Graphic abortion ads running on Pittsburgh, Steubenville TV stations
Several television stations say federal regulations compel them to run graphic political ads from a fringe presidential candidate, but a lawyer who specializes in campaign law disagrees.
The ads feature what appear to be aborted fetuses, beheaded bodies and video of a beheading in progress.
“This has crossed all boundaries,” said Lorraine Gregor, 61, of McKees Rocks, who saw the abortion ad while watching the morning news. “It was awful. It was the most disgusting thing I've ever seen in my life on TV. That just goes too far. … Nobody needs to see that.”
The candidate behind the ad, pro-life advocate Randall Terry, is on the ballot in West Virginia. The Federal Communications Commission on Wednesday ruled that stations whose broadcast area includes part of the state have to sell him airtime.
Terry's campaign didn't respond to a message sent through its website's contact page. There was no phone number listed.
Dan Backer, a Washington lawyer who specializes in campaign and political law, said the FCC regulations give Terry access but not unfettered access to the airwaves.
“They can't edit the ad, but they can say: ‘Look, we're not willing to run it because it violates our decency standard,' ” he said. “They're not required to let him run anything he wants to.”
WTAE-TV and WPXI-TV have run the abortion ad, but included a disclaimer warning viewers of the graphic nature of the ad. WTOV-9 in Steubenville, Ohio, has done the same.
Michael Hayes, general manager at WTAE, couldn't be reached for comment. The station has a notice on its website explaining why it believes it has to run the ads at 6:10 a.m., 5:45 p.m. and 11:35 p.m.
Ray Carter, vice president and general manager for WPXI, said FCC regulations don't even allow stations to limit the ads to times when children aren't likely to be watching.
“Fortunately for us, the times they bought were either very early morning or late night,” he said.
Carter said he's not aware of a single time that the FCC has upheld a station that refused to run a political ad on decency grounds.
Tim McCoy, vice president and general manager of WTOV-9, said his station's lawyer came to the same conclusion. Carter and McCoy said their stations have received numerous complaints about the ad.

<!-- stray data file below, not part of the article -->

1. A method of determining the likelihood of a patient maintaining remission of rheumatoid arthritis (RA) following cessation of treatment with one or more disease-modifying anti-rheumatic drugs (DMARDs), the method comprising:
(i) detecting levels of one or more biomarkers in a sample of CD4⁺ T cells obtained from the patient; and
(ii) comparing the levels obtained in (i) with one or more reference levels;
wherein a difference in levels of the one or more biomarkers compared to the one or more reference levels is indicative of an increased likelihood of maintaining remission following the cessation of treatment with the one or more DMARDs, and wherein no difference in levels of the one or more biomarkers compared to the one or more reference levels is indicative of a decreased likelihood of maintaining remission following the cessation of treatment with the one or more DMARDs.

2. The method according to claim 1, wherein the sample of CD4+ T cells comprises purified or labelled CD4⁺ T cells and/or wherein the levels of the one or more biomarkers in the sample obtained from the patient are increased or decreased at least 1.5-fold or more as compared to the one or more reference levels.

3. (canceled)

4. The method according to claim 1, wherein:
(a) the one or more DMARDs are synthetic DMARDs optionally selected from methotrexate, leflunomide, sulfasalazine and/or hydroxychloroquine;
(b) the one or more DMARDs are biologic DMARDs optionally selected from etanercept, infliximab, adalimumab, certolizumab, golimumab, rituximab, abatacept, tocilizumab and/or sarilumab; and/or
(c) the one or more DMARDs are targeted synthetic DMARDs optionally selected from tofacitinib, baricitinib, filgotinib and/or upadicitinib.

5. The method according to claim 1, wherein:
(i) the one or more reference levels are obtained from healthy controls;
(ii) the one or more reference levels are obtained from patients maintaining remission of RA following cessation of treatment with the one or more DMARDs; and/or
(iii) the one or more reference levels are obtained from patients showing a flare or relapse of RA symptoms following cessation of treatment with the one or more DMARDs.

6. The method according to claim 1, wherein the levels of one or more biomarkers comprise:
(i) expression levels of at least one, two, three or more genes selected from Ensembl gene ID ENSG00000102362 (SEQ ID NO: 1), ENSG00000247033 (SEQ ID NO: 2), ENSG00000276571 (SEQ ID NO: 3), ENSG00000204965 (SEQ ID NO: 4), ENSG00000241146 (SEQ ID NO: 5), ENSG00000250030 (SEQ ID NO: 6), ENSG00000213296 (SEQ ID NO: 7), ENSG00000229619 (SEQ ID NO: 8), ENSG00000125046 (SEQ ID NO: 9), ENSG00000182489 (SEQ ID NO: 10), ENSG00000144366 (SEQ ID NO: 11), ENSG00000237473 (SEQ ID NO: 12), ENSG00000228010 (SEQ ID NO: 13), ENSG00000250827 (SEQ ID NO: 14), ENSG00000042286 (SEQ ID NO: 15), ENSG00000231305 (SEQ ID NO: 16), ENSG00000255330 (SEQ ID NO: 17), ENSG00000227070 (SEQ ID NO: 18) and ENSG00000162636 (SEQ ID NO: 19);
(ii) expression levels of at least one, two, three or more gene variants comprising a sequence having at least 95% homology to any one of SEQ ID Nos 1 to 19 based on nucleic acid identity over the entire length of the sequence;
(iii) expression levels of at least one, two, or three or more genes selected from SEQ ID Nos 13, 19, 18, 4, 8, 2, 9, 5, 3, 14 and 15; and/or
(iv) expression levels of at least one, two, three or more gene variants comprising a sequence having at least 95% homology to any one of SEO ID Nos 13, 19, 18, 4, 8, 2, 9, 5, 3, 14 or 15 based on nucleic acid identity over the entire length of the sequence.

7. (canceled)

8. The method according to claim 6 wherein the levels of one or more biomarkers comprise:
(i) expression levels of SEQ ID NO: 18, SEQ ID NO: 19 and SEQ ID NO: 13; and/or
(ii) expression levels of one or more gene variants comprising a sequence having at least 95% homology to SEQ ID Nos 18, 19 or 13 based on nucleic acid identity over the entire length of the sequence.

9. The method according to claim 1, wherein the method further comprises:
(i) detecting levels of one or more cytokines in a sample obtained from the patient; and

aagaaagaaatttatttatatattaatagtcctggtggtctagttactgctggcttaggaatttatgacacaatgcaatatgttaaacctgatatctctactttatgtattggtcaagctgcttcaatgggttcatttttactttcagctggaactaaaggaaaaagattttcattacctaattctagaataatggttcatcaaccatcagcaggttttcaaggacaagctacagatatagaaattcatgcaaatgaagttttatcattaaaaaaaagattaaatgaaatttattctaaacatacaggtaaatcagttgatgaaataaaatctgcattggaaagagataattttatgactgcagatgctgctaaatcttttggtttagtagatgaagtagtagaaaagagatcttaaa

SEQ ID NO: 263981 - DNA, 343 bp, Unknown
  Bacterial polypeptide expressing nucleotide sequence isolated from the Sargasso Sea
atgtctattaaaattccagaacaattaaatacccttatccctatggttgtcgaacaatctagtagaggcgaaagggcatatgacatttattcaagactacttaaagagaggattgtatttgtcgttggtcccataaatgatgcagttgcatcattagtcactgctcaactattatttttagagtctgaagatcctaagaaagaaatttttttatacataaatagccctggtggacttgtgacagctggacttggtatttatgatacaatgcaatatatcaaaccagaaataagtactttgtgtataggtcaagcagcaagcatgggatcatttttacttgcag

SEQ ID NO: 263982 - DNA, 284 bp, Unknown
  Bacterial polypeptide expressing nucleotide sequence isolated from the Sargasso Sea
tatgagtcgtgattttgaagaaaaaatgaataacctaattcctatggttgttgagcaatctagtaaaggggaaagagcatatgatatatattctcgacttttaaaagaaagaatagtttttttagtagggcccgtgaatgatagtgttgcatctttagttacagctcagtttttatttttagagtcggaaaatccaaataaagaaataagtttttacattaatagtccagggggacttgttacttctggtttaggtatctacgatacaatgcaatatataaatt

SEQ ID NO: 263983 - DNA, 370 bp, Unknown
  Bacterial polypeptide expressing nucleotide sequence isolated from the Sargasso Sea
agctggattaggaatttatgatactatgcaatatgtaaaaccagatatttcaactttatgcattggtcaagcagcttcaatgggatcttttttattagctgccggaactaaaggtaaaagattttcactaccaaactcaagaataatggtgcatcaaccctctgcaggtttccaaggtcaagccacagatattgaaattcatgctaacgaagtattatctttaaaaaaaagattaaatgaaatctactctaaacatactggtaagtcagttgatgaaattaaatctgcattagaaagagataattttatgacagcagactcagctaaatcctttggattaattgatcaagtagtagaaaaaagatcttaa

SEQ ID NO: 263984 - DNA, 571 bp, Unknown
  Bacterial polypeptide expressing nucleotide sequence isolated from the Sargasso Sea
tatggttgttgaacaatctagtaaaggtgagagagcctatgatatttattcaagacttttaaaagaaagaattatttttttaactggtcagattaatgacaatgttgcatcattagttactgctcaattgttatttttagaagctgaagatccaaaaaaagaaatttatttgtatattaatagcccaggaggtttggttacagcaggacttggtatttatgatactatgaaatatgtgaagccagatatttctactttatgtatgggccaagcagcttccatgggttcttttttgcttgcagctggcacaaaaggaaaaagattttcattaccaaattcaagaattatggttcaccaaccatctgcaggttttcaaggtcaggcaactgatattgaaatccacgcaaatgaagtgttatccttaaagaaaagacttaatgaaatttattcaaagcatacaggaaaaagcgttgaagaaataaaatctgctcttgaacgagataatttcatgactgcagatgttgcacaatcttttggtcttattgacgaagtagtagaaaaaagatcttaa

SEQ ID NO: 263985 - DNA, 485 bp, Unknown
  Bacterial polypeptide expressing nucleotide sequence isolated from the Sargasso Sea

“Obviously, people are upset when they see the content,” McCoy said.
Managers for KDKA-TV and WPGH-TV couldn't be reached for comment.
In a separate issue, Chicago-based Patriotic Veterans Inc. said it is filing a complaint with the FCC because KDKA Radio refused to run an ad criticizing two of Sen. Bob Casey Jr.'s votes.
Michael Young, senior vice president for KDKA Radio, said the station requires people running political ads to substantiate the claims they make in the ads and, so far, the group has not done that.
Staff writer Mike Wereschagin contributed to this story. Brian Bowling is a staff writer for Trib Total Media. He can be reached at 412-325-4301 or firstname.lastname@example.org.
Show commenting policy
TribLive commenting policy
You are solely responsible for your comments and by using TribLive.com you agree to our Terms of Service.
We moderate comments. Our goal is to provide substantive commentary for a general readership. By screening submissions, we provide a space where readers can share intelligent and informed commentary that enhances the quality of our news and information.
While most comments will be posted if they are on-topic and not abusive, moderating decisions are subjective. We will make them as carefully and consistently as we can. Because of the volume of reader comments, we cannot review individual moderation decisions with readers.
We value thoughtful comments representing a range of views that make their point quickly and politely. We make an effort to protect discussions from repeated comments either by the same reader or different readers.
We follow the same standards for taste as the daily newspaper. A few things we won't tolerate: personal attacks, obscenity, vulgarity, profanity (including expletives and letters followed by dashes), commercial promotion, impersonations, incoherence, proselytizing and SHOUTING. Don't include URLs to Web sites.
We do not edit comments. They are either approved or deleted. We reserve the right to edit a comment that is quoted or excerpted in an article. In this case, we may fix spelling and punctuation.
We welcome strong opinions and criticism of our work, but we don't want comments to become bogged down with discussions of our policies and we will moderate accordingly.
We appreciate it when readers and people quoted in articles or blog posts point out errors of fact or emphasis and will investigate all assertions. But these suggestions should be sent via e-mail. To avoid distracting other readers, we won't publish comments that suggest a correction. Instead, corrections will be made in a blog post or in an article.